26. In June of the same year the Secretary of State George Marshall announced his Marshall Plan. • This massive economic help for European reconstruction was initially offered to most European countries, even the communist states. • But it was soon rejected by the USSR and her satellites. • From a Russian point of view, this type of new economic imperialism and dependence had to be turned down. • Marshall however stated in his speech: "Our policy is directed not against any county or doctrine, but against hunger; poverty, desperation and chaos. "

  27. The reasons for this 'act of humanity' have been widely discussed by historians. There were probably several reasons: • Marshall had been in Europe in early 1947 and was appalled at the economic and social situation in Europe. • Help was definitely needed. • Political reasons: Hunger and poverty were a perfect breeding ground for communism. • The French Communist Party belonged to the coalition government in the country and the Italian Communist Party was also very strong.

  28. There was a risk that some Western democracies would turn to communism. • That Western Europe should be 'lost to communism' was unacceptable. • The Marshall Plan would bind the states in Europe to the US, not just only economically but also politically. • An economic slump or Western Europe turning to communism would deprive the Americans of one important economic market. • The US would benefit from a prosperous Europe.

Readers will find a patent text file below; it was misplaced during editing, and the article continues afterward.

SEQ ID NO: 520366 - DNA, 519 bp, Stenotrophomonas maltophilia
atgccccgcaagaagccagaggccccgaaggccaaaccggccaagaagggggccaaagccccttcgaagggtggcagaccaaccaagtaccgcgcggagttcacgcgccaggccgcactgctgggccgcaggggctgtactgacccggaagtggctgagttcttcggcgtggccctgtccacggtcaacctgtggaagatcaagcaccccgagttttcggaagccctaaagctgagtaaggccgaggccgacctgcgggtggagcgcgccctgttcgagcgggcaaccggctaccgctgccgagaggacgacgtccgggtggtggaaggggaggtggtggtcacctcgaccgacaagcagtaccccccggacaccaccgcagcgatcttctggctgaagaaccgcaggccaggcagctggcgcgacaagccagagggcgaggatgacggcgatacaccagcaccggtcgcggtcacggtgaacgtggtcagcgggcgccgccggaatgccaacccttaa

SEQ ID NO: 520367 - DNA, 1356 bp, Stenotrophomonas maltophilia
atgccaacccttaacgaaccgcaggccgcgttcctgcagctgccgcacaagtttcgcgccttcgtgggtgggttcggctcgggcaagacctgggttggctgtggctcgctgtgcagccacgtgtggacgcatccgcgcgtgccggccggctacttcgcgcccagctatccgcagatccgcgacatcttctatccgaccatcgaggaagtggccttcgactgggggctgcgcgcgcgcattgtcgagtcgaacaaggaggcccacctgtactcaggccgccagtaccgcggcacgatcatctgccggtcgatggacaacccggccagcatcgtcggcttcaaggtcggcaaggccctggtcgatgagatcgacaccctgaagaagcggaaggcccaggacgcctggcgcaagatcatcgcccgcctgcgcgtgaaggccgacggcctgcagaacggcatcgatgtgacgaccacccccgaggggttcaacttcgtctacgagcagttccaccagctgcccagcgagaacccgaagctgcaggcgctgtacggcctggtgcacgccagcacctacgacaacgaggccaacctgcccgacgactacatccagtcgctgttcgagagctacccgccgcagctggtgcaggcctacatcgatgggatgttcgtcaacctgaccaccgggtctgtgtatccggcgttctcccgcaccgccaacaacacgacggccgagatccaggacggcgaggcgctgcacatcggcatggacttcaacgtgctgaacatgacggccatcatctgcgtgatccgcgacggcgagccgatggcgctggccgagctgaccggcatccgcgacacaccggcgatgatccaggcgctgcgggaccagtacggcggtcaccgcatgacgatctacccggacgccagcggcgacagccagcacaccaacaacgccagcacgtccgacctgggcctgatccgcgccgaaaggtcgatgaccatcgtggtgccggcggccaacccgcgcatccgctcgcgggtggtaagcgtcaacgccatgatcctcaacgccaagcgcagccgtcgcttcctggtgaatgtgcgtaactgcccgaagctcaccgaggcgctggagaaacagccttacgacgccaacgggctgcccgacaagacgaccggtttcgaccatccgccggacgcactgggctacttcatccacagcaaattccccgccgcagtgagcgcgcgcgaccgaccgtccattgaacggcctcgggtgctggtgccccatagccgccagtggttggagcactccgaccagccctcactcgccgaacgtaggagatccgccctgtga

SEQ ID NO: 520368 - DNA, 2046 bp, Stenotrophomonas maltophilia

29. Truman was able to pass the Marshall Plan through Congress in 1948. • He was assisted by a communist takeover in Czechoslovakia the same year . • The effect of the Marshall Plan is normally considered as successful and led to massive industrial growth with a GNP growth in Europe of around 15-25% annually. Financial stability returned. • Politically the development in 1947 was a major turning point. • It was now clear that the US would play an active world role and it is hardly surprising that Stalin now tightened his grip in Eastern Europe.

  30. Comintern – Cominform ( control politically), Comecon (control economically ) • The successor of Comintern, the international communist organisation, was formed in 194 7 and renamed as Cominform. • The aim was to control and organise communist activities outside the USSR. • Non-Communists were expelled from the Hungarian government and developments in both Czechoslovakia and Yugoslavia in 1948 are hardly surprising.